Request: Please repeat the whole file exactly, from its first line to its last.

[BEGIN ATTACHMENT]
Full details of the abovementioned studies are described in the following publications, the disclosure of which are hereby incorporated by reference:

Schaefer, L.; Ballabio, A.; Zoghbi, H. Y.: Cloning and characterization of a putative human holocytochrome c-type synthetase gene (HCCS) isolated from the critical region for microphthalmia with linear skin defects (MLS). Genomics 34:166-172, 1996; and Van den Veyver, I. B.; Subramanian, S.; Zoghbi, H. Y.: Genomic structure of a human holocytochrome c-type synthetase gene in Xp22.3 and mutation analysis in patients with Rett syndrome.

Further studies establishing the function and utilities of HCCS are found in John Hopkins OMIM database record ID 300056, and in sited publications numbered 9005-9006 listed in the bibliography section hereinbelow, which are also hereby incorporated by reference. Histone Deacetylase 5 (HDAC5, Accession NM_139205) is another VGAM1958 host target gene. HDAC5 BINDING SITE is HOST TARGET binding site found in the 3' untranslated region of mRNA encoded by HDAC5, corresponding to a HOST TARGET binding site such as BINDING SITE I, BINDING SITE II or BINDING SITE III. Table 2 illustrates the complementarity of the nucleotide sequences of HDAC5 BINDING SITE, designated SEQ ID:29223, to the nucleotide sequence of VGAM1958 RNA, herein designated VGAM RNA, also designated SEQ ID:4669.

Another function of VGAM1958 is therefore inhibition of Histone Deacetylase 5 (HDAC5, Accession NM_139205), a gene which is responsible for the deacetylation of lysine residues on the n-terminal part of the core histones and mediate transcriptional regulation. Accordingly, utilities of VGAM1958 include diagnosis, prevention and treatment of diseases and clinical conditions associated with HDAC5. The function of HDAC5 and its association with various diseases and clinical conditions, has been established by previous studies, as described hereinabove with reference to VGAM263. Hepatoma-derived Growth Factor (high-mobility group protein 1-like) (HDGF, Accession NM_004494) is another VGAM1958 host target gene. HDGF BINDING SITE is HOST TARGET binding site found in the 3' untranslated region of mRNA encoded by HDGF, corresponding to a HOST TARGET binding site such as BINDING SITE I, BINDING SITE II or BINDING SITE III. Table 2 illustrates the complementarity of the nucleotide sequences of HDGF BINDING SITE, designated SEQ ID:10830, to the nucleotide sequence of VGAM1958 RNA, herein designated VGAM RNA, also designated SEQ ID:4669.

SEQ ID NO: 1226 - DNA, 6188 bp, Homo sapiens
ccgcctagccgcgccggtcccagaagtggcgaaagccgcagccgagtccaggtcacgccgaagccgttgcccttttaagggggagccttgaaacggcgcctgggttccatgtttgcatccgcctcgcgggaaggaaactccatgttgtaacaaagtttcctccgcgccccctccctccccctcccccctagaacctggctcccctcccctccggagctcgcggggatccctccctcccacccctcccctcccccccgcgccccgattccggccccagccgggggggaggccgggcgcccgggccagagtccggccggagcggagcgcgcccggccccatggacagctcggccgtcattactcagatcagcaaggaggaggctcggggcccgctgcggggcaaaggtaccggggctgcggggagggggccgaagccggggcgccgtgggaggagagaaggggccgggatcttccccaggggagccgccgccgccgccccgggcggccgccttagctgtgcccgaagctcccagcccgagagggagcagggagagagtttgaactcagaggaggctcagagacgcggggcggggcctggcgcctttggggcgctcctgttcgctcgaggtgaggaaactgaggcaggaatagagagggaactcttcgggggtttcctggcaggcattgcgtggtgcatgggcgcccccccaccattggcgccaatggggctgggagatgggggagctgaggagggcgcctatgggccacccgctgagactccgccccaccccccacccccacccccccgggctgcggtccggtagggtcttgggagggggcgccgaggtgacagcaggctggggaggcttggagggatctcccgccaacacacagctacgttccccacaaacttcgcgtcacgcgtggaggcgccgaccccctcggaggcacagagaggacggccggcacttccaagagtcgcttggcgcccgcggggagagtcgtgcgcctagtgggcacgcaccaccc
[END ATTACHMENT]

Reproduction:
Full details of the abovementioned studies are described in the following publications, the disclosure of which are hereby incorporated by reference:

Schaefer, L.; Ballabio, A.; Zoghbi, H. Y.: Cloning and characterization of a putative human holocytochrome c-type synthetase gene (HCCS) isolated from the critical region for microphthalmia with linear skin defects (MLS). Genomics 34:166-172, 1996; and Van den Veyver, I. B.; Subramanian, S.; Zoghbi, H. Y.: Genomic structure of a human holocytochrome c-type synthetase gene in Xp22.3 and mutation analysis in patients with Rett syndrome.

Further studies establishing the function and utilities of HCCS are found in John Hopkins OMIM database record ID 300056, and in sited publications numbered 9005-9006 listed in the bibliography section hereinbelow, which are also hereby incorporated by reference. Histone Deacetylase 5 (HDAC5, Accession NM_139205) is another VGAM1958 host target gene. HDAC5 BINDING SITE is HOST TARGET binding site found in the 3' untranslated region of mRNA encoded by HDAC5, corresponding to a HOST TARGET binding site such as BINDING SITE I, BINDING SITE II or BINDING SITE III. Table 2 illustrates the complementarity of the nucleotide sequences of HDAC5 BINDING SITE, designated SEQ ID:29223, to the nucleotide sequence of VGAM1958 RNA, herein designated VGAM RNA, also designated SEQ ID:4669.

Another function of VGAM1958 is therefore inhibition of Histone Deacetylase 5 (HDAC5, Accession NM_139205), a gene which is responsible for the deacetylation of lysine residues on the n-terminal part of the core histones and mediate transcriptional regulation. Accordingly, utilities of VGAM1958 include diagnosis, prevention and treatment of diseases and clinical conditions associated with HDAC5. The function of HDAC5 and its association with various diseases and clinical conditions, has been established by previous studies, as described hereinabove with reference to VGAM263. Hepatoma-derived Growth Factor (high-mobility group protein 1-like) (HDGF, Accession NM_004494) is another VGAM1958 host target gene. HDGF BINDING SITE is HOST TARGET binding site found in the 3' untranslated region of mRNA encoded by HDGF, corresponding to a HOST TARGET binding site such as BINDING SITE I, BINDING SITE II or BINDING SITE III. Table 2 illustrates the complementarity of the nucleotide sequences of HDGF BINDING SITE, designated SEQ ID:10830, to the nucleotide sequence of VGAM1958 RNA, herein designated VGAM RNA, also designated SEQ ID:4669.

SEQ ID NO: 1226 - DNA, 6188 bp, Homo sapiens
ccgcctagccgcgccggtcccagaagtggcgaaagccgcagccgagtccaggtcacgccgaagccgttgcccttttaagggggagccttgaaacggcgcctgggttccatgtttgcatccgcctcgcgggaaggaaactccatgttgtaacaaagtttcctccgcgccccctccctccccctcccccctagaacctggctcccctcccctccggagctcgcggggatccctccctcccacccctcccctcccccccgcgccccgattccggccccagccgggggggaggccgggcgcccgggccagagtccggccggagcggagcgcgcccggccccatggacagctcggccgtcattactcagatcagcaaggaggaggctcggggcccgctgcggggcaaaggtaccggggctgcggggagggggccgaagccggggcgccgtgggaggagagaaggggccgggatcttccccaggggagccgccgccgccgccccgggcggccgccttagctgtgcccgaagctcccagcccgagagggagcagggagagagtttgaactcagaggaggctcagagacgcggggcggggcctggcgcctttggggcgctcctgttcgctcgaggtgaggaaactgaggcaggaatagagagggaactcttcgggggtttcctggcaggcattgcgtggtgcatgggcgcccccccaccattggcgccaatggggctgggagatgggggagctgaggagggcgcctatgggccacccgctgagactccgccccaccccccacccccacccccccgggctgcggtccggtagggtcttgggagggggcgccgaggtgacagcaggctggggaggcttggagggatctcccgccaacacacagctacgttccccacaaacttcgcgtcacgcgtggaggcgccgaccccctcggaggcacagagaggacggccggcacttccaagagtcgcttggcgcccgcggggagagtcgtgcgcctagtgggcacgcaccaccc